spreads out through the photosphere. SUNSPOT EVOLUTION
follows a standard pattern. A radial moat flow of plasma
away from a sunspot carries magnetic flux outwards
(SUNSPOTS: MOVING MAGNETIC FEATURES AND MOAT FLOW).

The solar heliosphere


The solar wind is the outwards expansion of the corona
from the Sun. It is described in a general article (SOLAR WIND:
GLOBAL PROPERTIES). SOLAR WIND: THEORY describes its structure
and SOLAR WIND ACCELERATION how it gains in velocity. The
SOLAR WIND COMPOSITION and SOLAR WIND KINETIC PROPERTIES are
highly complex. Both waves and turbulence and shock waves
make up its structure (SOLAR WIND PLASMA WAVES, SOLAR WIND
TURBULENCE, SOLAR WIND SHOCK WAVES AND DISCONTINUITIES) and
the SOLAR WIND: MAGNETIC FIELD is highly variable. Especially
interesting is the behavior out of the ecliptic plane as
measured by the only satellite to orbit in that region (SOLAR
WIND: ULYSSES).
Neighboring streams that are flowing out from the
Sun interact at their boundaries (SOLAR WIND: COROTATING
INTERACTION REGIONS). Accelerated particles (SOLAR WIND:
ENERGETIC PARTICLES) of many types are observed; they
produce bursts of radio waves (SOLAR WIND: INTERPLANETARY
RADIO BURSTS) which are a valuable diagnostic (SOLAR WIND:
RADIO TECHNIQUES FOR PROBING). COSMIC RAYS may give rise
to showers of electrons and other particles when they
impact on the Earths atmosphere (COSMIC RAYS: EXTENSIVE AIR
SHOWERS). Their propagation has been modeled in detail
(COSMIC RAYS: PROPAGATION IN THE HELIOSPHERE). Those with
energies up to 100 MeV and which lie between the energies
of normal heliospheric particles and galactic cosmic rays
are known as ANOMALOUS COSMIC RAYS.
The solar wind is rooted in the corona (SOLAR WIND:
CORONAL ORIGINS) and is sensitive to solar activity (SOLAR

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Sun and Solarterrestrial Physics


WIND: MANIFESTATIONS OF SOLAR ACTIVITY). Venus interacts with
the solar wind as it flows through the heliosphere (VENUS:
INTERACTION WITH THE SOLAR WIND), as do other planets and
also COMETS (SOLAR WIND: INTERACTION WITH COMETS). Kreutz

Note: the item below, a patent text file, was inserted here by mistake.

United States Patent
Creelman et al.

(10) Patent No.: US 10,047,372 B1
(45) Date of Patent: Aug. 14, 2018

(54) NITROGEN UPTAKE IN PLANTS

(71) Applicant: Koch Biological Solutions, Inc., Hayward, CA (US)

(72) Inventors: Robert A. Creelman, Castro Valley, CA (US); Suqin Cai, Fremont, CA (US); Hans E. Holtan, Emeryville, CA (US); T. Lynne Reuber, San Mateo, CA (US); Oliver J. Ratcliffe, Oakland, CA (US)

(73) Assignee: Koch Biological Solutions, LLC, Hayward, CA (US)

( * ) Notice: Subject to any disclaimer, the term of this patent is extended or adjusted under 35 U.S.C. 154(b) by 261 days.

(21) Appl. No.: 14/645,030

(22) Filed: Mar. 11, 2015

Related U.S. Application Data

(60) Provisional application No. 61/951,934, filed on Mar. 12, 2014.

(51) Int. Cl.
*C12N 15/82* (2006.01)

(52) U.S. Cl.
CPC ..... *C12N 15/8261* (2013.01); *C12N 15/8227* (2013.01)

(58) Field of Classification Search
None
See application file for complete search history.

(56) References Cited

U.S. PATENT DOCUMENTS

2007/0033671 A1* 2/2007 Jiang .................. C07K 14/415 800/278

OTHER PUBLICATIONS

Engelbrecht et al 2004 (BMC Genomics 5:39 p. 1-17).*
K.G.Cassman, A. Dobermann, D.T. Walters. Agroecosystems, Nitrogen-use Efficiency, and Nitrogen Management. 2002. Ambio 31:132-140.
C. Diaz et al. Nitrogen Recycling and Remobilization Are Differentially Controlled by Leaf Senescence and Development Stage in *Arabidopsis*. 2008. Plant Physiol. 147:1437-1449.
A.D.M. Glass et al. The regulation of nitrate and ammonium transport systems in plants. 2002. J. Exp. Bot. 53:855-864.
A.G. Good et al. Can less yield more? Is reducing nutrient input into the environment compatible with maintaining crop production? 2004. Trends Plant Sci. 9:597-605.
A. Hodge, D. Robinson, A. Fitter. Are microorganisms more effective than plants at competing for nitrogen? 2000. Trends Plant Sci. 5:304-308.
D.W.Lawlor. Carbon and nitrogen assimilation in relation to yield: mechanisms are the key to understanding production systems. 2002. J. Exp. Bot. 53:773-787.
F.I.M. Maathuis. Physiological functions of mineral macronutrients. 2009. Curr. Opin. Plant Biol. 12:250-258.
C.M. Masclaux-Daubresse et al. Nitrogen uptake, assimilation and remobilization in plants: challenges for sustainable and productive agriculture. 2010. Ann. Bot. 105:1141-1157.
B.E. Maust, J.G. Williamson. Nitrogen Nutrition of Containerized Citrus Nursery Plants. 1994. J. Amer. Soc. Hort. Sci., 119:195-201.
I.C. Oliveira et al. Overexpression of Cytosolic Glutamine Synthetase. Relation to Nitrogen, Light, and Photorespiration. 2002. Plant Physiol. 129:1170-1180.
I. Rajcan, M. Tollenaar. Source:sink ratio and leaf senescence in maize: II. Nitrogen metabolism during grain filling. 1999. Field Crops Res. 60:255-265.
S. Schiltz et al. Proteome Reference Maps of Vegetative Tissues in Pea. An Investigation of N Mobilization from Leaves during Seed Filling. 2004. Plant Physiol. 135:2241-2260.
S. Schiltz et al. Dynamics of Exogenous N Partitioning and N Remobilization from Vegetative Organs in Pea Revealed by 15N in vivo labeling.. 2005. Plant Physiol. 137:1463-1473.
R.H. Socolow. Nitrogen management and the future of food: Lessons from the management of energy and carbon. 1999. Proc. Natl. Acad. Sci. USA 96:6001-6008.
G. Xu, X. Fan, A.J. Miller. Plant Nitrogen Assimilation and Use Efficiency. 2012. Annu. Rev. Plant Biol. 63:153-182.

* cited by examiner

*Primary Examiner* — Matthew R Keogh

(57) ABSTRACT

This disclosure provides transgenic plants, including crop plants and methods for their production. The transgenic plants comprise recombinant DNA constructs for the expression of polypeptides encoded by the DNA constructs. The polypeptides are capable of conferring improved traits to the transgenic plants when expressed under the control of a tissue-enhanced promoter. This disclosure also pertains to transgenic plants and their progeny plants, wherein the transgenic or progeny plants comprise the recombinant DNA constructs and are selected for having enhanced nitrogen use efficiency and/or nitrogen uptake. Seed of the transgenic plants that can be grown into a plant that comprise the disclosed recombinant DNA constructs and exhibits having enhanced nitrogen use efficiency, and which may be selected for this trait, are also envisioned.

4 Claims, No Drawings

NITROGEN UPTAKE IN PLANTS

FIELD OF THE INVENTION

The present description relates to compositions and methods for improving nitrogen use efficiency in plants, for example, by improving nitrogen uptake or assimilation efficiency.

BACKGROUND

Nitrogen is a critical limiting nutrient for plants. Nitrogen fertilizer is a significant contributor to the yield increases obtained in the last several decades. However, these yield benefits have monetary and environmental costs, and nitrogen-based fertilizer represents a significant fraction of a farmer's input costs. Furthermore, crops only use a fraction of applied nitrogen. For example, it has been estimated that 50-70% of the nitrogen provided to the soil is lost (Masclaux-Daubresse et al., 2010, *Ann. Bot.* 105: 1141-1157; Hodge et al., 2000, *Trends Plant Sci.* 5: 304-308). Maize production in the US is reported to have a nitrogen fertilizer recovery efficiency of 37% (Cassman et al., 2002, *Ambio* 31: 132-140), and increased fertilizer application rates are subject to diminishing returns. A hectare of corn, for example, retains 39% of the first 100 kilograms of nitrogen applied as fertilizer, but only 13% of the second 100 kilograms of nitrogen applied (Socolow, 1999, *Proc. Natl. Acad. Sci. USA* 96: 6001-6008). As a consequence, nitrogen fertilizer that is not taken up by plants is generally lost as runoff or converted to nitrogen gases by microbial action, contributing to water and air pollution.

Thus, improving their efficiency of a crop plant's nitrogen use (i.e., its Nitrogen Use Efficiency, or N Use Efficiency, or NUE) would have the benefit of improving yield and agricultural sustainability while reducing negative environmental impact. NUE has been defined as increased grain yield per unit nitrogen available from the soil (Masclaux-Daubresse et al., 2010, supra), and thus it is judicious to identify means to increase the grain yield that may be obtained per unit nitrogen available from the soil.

discovered a family of comets that approach close to
the Sun (COMETS: KREUTZ SUNGRAZERS), many of which have
been discovered by the LASCO instrument on the SOHO
satellite. At the heliopause, the solar wind connects with
the rest of the Galaxy (SOLAR WIND: INTERACTION WITH LOCAL
INTERSTELLAR MEDIUM).
PLANETARY MAGNETOSPHERES are the magnetized plasma
environments of the planets. A range of planets have
been studied, including JUPITER: MAGNETOSPHERE and SATURN:
MAGNETOSPHERE, as well as MERCURY: MAGNETOSPHERE, URANUS
AND NEPTUNE: ATMOSPHERES, IONOSPHERES AND MAGNETOSPHERES.
Planetary satellites are of particular interest (SATURN:
MAGNETOSPHERE INTERACTION WITH TITAN, MAGNETOSPHERES:
JUPITER, SATELLITE INTERACTIONS, MAGNETOSPHERES: JUPITER, RADIO
EMISSION, IO: PLASMA TORUS).

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(MAGNETOSPHERE OF EARTH: GEOMAGNETIC STORMS AND SOLAR


WIND ORIGINS) for 15 days.
Substorms occur for 13
hours in response to a sustained southward turning
of the interplanetary magnetic field, after which the
tail of the magnetosphere goes unstable and reconnects
(MAGNETOSPHERE OF EARTH: SUBSTORMS). This causes a plasmoid
to be formed in the tail and ejected downstream and
accelerates fast particles that greatly enhance the aurorae.
Eric Priest

The Earths magnetosphere


Due to its proximity to us, the MAGNETOSPHERE OF EARTH
has been extensively studied in great detail and presents
an opportunity to understand the behavior of many
basic plasma processes. Since the magnetosphere acts
as an obstacle to the supermagnetosonic solar wind,
a bow shock stands in the flow ahead of the Earth
(MAGNETOSPHERE OF EARTH: BOW SHOCK). The surface that
separates the Earths magnetic field from the solar wind
magnetic field is called the magnetopause (MAGNETOSPHERE
OF EARTH: MAGNETOPAUSE). Between the bow shock and
the magnetopause lies the magnetosheath. The Earths
magnetic field is swept downstream by the solar wind to
form a long tail (MAGNETOSPHERE OF EARTH: GEOMAGNETIC TAIL),
the central and densest part of which is called the plasma
sheet (MAGNETOSPHERE OF EARTH: PLASMA SHEET). Between the
magnetic field that closes on the dayside of the Earth and
the tail field that is swept down on the nightside lies the
dayside cusp (MAGNETOSPHERE OF EARTH: DAYSIDE CUSP).
Within the closed part of the Earths magnetic
field there lie: a ring current (MAGNETOSPHERE OF EARTH:
RING CURRENT) which flows westward roughly in a circle
in the equatorial plane about the Earth; the radiation
belts, consisting of trapped particles in orbits that circle
the Earth from about 1000 km above the surface to
about six Earth radii (MAGNETOSPHERE OF EARTH: RADIATION
BELTS); a population of cold dense plasma (plasmasphere)
that coexists with the radiation belts (MAGNETOSPHERE
OF EARTH: PLASMASPHERE). Streams of energetic particles
impacting the Earths upper atmosphere in a ring around
each of the Earths poles form the aurorae and excite
AURORAL KILOMETRIC RADIATION. Within the magnetosphere
there is a wide range of waves (MAGNETOSPHERE OF EARTH:
WAVES). Also, the rotation of the Earth and the flow of
the solar wind cause the plasma and magnetic field
lines within the magnetosphere to move in a complex
pattern (MAGNETOSPHERE OF EARTH: CONVECTION). Regions of
enhanced solar wind flow compress the magnetosphere
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Brunel Road, Houndmills, Basingstoke, Hampshire, RG21 6XS, UK Registered No. 785998
and Institute of Physics Publishing 2001
Dirac House, Temple Back, Bristol, BS1 6BE, UK